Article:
In December 2014, a woman was raped by her Uber driver in India.
At that time, Travis Kalanick responded with the following statement: "What happened over the weekend in New Delhi is horrific. Our entire team’s hearts go out to the victim of this despicable crime. We will do everything, I repeat, everything to help bring this perpetrator to justice and to support the victim and her family in her recovery."
But it was recently reported that Uber executive Eric Alexander obtained the woman's medical records about a week after Kalanick made that statement, and showed them to both Uber SVP of business Emil Michael and Kalanick.
On Thursday, the woman filed a lawsuit against Uber given the new information — reportedly that Alexander obtained her confidential medical records, shared them with other executives and then discussed whether her rape was part of a competitor's plan to rival Uber's growth in India.
Jane Doe's lawyer blasts Uber for "toxic gender discrimination that is endemic" at the company
Douglas Wigdor, who is representing Jane Doe, said in a statement, "It is shocking that Travis Kalanick could publicly say that Uber would do everything to support our client and her family in her recovery when he and other executives were reviewing illegally obtained medical records and engaging in offensive and spurious conspiracy theories about the brutal rape she so tragically suffered."
Rape denial is just another form of the toxic gender discrimination that is endemic at Uber and ingrained in its culture. Hopefully, this lawsuit coupled with the changes recommended by the independent counsel will create real change and reform at Uber and elsewhere.
An Uber spokesperson said in a statement, "No one should have to go through a horrific experience like this, and we're truly sorry that she's had to relive it over the last few weeks."
Uber is silent on details of the case
Uber did not respond to repeated requests for comment on the news that executives had handled this woman's private medical records, nor did it say what the company would do to assure users that, in the event someone is sexually harassed or assaulted by an Uber driver, the company would appropriately handle the situation.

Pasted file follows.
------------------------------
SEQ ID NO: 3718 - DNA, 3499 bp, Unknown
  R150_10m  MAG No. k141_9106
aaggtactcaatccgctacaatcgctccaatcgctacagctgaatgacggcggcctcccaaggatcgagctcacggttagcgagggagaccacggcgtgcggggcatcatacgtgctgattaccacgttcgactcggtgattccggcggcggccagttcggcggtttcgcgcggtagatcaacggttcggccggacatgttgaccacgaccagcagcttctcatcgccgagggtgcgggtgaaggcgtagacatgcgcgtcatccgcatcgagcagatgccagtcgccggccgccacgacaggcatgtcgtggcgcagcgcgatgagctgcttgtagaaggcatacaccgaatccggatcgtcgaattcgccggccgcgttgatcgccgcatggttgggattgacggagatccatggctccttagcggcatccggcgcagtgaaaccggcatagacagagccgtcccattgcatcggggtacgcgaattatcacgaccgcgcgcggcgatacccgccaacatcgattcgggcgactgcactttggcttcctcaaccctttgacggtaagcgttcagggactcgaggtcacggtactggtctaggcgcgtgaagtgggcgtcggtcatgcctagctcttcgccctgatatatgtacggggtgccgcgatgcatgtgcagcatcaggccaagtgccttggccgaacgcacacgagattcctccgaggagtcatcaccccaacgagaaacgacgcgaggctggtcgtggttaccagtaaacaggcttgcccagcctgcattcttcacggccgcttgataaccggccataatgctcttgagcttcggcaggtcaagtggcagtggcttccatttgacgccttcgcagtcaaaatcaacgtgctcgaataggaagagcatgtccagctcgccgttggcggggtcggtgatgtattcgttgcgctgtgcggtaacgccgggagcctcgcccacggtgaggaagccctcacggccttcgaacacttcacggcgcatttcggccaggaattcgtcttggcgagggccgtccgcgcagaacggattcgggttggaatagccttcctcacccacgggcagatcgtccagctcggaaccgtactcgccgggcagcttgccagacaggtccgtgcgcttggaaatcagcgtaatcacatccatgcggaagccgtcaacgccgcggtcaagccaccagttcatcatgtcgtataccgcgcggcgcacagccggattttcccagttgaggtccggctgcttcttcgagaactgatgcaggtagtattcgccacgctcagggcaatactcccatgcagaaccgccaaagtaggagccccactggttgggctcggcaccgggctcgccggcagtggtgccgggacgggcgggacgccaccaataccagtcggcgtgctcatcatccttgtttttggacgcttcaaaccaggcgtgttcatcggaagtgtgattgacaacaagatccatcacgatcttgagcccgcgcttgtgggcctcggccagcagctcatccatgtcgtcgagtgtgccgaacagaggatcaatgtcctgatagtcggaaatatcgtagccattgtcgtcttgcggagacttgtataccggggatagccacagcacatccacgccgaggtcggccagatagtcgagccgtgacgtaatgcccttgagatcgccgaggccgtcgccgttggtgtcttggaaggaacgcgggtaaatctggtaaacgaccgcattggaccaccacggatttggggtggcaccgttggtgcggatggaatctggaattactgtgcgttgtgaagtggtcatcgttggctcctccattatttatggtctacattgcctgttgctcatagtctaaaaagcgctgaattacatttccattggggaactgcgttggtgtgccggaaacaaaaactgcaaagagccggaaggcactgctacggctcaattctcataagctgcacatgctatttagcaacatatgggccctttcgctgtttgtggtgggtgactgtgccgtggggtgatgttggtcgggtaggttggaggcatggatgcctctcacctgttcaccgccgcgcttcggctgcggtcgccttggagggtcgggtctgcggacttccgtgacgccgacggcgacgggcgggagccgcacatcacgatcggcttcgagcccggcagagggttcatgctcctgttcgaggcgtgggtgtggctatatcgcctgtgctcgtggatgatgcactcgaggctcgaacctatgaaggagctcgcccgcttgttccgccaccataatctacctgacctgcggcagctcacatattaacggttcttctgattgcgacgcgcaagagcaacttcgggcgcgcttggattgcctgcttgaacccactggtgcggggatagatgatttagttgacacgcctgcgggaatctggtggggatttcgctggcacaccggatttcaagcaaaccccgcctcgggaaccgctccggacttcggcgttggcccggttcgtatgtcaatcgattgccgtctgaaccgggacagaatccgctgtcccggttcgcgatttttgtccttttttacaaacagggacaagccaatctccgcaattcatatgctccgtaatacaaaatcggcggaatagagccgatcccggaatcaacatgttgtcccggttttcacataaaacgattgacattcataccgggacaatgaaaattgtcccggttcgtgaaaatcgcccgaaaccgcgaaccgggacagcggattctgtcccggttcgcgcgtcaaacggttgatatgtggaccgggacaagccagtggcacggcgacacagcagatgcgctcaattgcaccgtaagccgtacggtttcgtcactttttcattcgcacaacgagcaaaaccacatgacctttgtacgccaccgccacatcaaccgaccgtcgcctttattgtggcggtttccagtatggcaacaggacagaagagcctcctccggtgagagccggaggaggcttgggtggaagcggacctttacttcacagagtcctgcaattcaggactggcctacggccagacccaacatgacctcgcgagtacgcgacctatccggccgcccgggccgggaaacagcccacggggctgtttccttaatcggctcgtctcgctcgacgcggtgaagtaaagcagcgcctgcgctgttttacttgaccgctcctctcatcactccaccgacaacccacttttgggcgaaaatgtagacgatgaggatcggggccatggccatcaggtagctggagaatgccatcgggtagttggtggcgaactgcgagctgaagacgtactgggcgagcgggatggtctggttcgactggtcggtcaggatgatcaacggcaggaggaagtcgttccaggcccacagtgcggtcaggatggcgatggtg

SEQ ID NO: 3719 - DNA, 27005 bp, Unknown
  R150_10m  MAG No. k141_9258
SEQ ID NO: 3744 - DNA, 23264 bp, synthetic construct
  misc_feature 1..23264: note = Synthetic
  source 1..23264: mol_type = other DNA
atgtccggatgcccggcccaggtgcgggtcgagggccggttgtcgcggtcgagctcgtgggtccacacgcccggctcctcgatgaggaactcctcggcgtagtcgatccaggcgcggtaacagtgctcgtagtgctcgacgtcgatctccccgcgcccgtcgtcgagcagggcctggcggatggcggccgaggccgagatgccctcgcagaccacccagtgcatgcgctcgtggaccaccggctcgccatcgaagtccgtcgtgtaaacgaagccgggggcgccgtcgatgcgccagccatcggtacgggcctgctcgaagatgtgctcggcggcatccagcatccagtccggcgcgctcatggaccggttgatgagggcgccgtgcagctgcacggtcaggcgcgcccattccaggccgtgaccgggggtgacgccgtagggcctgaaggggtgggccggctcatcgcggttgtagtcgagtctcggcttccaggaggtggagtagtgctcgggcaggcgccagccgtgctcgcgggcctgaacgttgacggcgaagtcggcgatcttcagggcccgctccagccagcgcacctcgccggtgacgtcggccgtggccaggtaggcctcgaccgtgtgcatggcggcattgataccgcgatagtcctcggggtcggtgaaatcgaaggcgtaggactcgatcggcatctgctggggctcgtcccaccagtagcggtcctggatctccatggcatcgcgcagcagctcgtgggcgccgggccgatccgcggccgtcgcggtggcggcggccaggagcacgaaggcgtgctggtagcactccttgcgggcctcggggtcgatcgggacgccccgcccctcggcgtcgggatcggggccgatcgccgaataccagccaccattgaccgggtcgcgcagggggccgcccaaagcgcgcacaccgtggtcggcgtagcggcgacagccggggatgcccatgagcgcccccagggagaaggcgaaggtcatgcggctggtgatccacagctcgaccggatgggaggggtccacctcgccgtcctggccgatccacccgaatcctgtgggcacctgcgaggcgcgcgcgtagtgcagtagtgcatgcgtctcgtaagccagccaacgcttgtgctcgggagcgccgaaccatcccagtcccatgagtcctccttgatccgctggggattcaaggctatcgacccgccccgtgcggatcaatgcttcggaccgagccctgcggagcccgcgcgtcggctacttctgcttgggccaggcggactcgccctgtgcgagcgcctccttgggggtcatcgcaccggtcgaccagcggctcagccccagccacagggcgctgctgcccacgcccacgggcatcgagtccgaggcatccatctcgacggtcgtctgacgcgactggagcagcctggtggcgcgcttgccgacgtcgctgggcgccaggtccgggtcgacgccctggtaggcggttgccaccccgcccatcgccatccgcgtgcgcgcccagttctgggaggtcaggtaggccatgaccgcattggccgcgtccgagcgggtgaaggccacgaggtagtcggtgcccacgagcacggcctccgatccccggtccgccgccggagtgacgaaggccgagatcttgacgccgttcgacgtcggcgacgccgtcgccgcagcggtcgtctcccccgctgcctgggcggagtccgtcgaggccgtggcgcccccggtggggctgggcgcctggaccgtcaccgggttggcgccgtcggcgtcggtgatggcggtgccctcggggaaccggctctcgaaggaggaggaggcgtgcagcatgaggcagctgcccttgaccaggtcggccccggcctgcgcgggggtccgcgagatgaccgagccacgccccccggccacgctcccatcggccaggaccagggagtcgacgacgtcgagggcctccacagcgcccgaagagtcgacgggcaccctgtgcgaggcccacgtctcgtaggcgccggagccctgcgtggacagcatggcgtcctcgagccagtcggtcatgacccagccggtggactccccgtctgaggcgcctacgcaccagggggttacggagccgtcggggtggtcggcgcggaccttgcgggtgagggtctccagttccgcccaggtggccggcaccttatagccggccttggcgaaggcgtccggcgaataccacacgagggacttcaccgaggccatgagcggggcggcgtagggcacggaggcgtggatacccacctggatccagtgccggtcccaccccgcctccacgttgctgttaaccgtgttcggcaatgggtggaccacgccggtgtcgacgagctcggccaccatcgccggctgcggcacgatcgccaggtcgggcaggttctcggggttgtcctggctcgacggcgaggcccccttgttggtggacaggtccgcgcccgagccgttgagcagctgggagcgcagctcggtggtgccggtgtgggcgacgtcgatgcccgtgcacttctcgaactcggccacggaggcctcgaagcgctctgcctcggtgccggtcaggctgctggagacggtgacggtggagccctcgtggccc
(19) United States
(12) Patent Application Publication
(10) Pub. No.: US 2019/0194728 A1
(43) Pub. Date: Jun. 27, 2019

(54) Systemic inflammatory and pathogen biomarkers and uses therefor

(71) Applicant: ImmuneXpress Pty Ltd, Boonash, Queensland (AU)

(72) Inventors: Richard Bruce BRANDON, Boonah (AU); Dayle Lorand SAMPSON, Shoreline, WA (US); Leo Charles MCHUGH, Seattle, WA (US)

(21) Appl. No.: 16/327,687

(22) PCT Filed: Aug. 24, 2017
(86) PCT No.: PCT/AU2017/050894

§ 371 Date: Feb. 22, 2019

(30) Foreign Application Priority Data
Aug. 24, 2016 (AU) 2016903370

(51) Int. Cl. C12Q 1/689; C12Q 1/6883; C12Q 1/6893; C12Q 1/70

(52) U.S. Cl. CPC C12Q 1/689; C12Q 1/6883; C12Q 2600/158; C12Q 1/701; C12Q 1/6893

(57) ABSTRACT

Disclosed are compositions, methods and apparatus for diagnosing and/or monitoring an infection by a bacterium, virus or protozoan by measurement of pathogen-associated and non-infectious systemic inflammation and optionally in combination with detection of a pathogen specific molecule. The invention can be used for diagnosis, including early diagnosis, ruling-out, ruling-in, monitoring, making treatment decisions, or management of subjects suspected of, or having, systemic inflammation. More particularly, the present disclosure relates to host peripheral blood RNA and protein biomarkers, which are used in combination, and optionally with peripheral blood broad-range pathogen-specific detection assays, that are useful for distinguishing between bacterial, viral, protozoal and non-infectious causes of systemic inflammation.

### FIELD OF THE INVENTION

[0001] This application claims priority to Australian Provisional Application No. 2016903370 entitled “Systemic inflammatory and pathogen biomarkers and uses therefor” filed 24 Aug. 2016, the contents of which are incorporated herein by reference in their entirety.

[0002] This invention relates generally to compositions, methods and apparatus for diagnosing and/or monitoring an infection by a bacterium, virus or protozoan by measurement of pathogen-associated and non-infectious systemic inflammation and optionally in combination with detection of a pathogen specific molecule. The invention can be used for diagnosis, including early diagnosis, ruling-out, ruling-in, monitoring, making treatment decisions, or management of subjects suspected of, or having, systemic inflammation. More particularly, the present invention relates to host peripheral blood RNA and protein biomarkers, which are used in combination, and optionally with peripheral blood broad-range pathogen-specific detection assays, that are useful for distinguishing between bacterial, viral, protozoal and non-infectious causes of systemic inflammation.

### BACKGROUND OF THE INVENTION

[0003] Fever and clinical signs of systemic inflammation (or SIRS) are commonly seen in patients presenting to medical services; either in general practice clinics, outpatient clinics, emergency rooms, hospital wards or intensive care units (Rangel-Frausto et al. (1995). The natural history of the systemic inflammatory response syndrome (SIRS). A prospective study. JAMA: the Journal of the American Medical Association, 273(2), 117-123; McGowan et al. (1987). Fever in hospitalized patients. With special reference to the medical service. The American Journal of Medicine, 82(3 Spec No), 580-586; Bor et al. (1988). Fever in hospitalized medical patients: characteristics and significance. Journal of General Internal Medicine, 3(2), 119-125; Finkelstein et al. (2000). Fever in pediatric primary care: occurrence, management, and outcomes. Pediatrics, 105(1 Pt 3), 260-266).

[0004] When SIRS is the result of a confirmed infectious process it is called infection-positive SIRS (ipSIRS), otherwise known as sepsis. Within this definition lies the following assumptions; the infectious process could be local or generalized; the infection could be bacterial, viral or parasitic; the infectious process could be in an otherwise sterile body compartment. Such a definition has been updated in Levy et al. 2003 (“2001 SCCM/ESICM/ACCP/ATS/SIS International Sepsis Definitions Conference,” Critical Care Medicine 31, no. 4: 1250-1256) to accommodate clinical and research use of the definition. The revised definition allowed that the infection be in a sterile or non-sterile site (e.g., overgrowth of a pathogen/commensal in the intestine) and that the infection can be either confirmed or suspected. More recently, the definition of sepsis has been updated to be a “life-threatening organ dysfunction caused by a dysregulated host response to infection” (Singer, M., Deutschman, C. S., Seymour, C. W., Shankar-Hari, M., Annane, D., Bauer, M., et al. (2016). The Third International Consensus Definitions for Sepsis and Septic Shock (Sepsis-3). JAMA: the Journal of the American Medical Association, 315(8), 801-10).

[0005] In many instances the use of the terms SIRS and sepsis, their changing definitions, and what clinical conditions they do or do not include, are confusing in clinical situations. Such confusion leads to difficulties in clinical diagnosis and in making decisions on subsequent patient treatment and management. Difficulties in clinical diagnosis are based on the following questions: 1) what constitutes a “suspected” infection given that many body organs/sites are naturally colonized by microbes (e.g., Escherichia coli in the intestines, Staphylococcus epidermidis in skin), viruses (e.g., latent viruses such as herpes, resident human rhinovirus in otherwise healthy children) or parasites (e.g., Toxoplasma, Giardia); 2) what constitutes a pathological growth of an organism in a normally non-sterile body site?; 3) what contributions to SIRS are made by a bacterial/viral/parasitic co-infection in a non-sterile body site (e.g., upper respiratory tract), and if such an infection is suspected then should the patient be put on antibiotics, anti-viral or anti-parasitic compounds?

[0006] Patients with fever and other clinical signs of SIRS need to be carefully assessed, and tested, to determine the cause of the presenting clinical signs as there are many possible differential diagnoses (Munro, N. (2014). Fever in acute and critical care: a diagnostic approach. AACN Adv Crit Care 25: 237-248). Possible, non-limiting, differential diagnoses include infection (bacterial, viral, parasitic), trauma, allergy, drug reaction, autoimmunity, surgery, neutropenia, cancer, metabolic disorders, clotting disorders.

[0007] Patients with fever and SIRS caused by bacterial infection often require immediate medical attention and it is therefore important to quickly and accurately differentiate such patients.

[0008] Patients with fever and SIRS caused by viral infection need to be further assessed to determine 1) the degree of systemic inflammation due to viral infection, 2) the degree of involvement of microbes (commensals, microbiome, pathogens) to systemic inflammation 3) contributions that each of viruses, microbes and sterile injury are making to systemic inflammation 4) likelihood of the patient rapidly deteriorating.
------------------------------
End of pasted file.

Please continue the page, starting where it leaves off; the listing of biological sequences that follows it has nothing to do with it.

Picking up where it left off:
The complaint notes that none of the three Uber executives who looked through Jane Doe's confidential records have any medical training. The execs allegedly discussed Doe's records with other team members, theorizing that the rape was "made up" as part of a conspiracy that it was part of a competitor's plan.
The execs allegedly discussed Doe's records with other team members, theorizing that the rape was "made up" as part of a conspiracy that it was part of a competitor's plan.
"By focusing on 'whether she was really raped at all,' and painting plaintiff as an opportunist and a liar, defendants seemed to be assuring themselves that the only reason why a woman would report a sexual assault is for personal gain, rather than to prevent similar crimes from occurring again or to right an injustice," the lawsuit states.
This is not the first time Kalanick has mishandled allegations of assault by an Uber driver. In September 2013, about a year before the rape in India, a female passenger in Washington, D.C., claimed she was assaulted by her driver.
A leaked email from Kalanick to Uber's press team said that Uber needs to "make sure these writers don't come away thinking we are responsible even when these things do go bad," shirking responsibility for assault or harassment that happens in Uber cars.
Dave Sutton, a spokesperson for Who's Driving You, an initiative of the Taxicab, Limousine and Paratransit Association that documents incidents of assault and harassment in ride-sharing cars, noted that Uber resists efforts to require its drivers to get a fingerprint background check in order to ensure public safety. At the time of Jane Doe's rape, Uber did not conduct background checks in India.
"More than 200 Uber passengers have reportedly been sexually assaulted by Uber drivers," Sutton said. "Yet, Uber denies it has a problem in the same way it denied the reality of the India passenger's experience."